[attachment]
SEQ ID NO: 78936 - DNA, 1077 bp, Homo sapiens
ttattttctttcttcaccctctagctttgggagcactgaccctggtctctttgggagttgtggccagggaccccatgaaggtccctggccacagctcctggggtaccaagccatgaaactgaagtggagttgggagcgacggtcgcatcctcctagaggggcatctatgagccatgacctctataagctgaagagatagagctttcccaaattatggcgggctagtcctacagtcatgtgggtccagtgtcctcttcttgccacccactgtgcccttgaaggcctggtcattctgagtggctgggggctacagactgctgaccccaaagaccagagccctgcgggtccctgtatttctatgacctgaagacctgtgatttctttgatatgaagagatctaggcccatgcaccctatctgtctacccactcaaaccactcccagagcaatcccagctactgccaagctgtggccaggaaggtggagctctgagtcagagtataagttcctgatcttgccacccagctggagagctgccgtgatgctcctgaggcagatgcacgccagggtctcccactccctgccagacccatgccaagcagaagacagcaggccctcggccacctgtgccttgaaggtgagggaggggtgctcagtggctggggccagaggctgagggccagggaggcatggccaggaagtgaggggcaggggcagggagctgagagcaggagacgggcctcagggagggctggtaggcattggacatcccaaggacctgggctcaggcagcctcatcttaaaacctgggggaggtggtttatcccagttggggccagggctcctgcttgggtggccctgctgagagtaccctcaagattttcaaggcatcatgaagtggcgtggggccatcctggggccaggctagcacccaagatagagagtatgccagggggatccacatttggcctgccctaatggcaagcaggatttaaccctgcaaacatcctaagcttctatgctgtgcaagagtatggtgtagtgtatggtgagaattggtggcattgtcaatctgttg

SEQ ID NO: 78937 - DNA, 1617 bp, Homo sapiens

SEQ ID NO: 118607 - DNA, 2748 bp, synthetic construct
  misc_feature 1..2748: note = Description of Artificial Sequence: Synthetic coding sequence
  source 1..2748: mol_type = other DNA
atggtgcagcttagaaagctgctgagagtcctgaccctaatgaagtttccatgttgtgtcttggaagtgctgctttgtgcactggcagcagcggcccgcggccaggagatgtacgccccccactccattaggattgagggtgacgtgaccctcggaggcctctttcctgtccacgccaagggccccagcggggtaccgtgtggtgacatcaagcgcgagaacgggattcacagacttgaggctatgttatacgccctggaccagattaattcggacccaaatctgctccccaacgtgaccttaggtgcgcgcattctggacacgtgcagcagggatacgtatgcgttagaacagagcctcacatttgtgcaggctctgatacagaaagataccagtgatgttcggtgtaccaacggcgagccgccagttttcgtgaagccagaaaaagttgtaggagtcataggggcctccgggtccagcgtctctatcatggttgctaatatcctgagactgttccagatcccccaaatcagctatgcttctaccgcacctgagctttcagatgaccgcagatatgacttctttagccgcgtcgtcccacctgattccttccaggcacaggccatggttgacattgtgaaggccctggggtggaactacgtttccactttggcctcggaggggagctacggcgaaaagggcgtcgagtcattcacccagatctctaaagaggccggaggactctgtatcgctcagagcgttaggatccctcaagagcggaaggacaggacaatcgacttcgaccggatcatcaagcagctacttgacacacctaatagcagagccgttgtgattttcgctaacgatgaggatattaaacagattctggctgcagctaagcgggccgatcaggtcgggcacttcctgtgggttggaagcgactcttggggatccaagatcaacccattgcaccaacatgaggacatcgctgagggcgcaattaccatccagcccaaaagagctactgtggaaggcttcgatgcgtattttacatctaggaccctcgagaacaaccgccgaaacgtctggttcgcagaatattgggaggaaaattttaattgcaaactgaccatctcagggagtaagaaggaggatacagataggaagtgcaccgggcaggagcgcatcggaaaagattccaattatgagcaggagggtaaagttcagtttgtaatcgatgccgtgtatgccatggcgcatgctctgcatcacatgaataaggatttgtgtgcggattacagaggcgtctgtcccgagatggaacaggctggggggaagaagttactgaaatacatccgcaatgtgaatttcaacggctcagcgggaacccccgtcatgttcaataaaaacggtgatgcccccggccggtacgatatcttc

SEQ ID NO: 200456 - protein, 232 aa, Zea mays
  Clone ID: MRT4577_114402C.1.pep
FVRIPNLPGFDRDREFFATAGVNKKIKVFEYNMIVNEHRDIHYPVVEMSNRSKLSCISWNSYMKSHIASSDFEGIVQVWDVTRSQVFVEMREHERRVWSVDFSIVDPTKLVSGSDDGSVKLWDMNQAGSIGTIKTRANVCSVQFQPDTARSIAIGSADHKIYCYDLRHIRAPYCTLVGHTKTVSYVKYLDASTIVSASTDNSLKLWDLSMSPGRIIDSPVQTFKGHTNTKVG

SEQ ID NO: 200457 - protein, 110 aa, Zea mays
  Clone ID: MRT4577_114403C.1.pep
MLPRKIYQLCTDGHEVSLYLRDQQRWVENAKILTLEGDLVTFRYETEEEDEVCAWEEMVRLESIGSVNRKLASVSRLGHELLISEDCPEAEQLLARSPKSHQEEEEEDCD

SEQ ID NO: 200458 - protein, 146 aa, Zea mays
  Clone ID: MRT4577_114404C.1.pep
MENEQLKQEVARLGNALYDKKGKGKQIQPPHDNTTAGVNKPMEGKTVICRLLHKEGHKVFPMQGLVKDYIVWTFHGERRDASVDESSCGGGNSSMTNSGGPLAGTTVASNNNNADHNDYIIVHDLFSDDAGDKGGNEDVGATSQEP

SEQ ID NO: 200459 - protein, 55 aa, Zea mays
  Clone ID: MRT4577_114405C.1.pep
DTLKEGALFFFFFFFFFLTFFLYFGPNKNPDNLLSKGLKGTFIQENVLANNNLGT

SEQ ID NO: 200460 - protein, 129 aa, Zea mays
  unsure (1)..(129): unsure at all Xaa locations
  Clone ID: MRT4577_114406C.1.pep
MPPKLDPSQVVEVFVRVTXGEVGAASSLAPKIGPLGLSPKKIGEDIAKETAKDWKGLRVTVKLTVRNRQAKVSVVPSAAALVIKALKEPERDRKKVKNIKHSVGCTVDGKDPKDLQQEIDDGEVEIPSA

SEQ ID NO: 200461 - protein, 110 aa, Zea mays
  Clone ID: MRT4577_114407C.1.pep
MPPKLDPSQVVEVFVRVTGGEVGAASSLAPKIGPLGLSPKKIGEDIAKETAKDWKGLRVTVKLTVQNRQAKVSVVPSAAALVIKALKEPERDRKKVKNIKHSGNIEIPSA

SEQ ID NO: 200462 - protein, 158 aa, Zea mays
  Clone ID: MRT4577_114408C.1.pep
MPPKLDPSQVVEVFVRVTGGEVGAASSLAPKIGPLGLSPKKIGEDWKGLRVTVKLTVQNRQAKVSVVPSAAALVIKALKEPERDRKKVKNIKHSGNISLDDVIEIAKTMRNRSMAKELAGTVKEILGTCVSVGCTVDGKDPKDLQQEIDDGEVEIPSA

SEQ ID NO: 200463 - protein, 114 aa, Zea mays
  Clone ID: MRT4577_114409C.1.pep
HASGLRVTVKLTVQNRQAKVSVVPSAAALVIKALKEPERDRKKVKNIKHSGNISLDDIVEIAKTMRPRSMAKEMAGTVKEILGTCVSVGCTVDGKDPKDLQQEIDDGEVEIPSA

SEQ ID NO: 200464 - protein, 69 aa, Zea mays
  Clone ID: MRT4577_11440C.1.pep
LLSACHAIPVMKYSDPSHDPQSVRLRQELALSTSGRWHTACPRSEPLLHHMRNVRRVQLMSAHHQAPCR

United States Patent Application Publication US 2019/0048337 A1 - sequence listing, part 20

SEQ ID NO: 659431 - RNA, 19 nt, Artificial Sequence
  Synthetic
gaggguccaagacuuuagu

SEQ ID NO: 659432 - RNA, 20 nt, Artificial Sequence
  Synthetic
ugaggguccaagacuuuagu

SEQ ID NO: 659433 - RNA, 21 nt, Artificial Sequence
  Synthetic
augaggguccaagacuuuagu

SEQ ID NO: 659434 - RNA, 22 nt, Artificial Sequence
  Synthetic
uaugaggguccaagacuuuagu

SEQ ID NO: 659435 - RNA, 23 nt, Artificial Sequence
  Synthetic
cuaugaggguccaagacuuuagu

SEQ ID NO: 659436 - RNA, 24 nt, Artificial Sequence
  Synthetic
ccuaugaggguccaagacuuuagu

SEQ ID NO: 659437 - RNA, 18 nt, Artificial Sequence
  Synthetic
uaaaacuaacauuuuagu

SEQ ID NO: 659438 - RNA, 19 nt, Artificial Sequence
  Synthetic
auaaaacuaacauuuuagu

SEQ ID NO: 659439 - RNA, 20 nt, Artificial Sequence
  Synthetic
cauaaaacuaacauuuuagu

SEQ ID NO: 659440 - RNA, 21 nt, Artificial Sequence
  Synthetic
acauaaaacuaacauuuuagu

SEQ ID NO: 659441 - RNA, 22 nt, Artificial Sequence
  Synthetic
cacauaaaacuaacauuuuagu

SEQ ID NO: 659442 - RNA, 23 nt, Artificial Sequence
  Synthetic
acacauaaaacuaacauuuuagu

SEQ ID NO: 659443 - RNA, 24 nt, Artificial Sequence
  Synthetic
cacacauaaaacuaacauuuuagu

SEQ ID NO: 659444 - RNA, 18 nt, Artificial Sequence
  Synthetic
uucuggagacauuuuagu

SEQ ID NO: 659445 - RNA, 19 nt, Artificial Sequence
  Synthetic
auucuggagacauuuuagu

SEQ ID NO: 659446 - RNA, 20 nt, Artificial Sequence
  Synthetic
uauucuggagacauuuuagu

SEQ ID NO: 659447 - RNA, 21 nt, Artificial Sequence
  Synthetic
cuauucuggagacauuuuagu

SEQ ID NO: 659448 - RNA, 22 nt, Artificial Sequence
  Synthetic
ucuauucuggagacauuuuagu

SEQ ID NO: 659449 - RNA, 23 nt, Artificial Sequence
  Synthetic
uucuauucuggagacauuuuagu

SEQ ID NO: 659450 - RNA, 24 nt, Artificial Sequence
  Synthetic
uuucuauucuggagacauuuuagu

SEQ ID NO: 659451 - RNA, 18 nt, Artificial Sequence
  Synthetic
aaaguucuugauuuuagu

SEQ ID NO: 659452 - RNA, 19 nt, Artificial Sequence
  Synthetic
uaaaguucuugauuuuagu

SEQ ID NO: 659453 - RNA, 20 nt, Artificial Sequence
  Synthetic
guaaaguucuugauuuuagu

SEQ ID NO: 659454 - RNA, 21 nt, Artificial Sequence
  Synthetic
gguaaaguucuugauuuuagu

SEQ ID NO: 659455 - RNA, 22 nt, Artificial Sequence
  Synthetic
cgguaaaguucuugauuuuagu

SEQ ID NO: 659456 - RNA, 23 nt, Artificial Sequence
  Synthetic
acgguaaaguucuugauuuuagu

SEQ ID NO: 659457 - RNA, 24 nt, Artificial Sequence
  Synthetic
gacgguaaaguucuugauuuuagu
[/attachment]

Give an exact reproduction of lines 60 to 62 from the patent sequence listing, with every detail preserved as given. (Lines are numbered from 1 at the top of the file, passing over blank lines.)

auaaaacuaacauuuuagu

SEQ ID NO: 659439 - RNA, 20 nt, Artificial Sequence
  Synthetic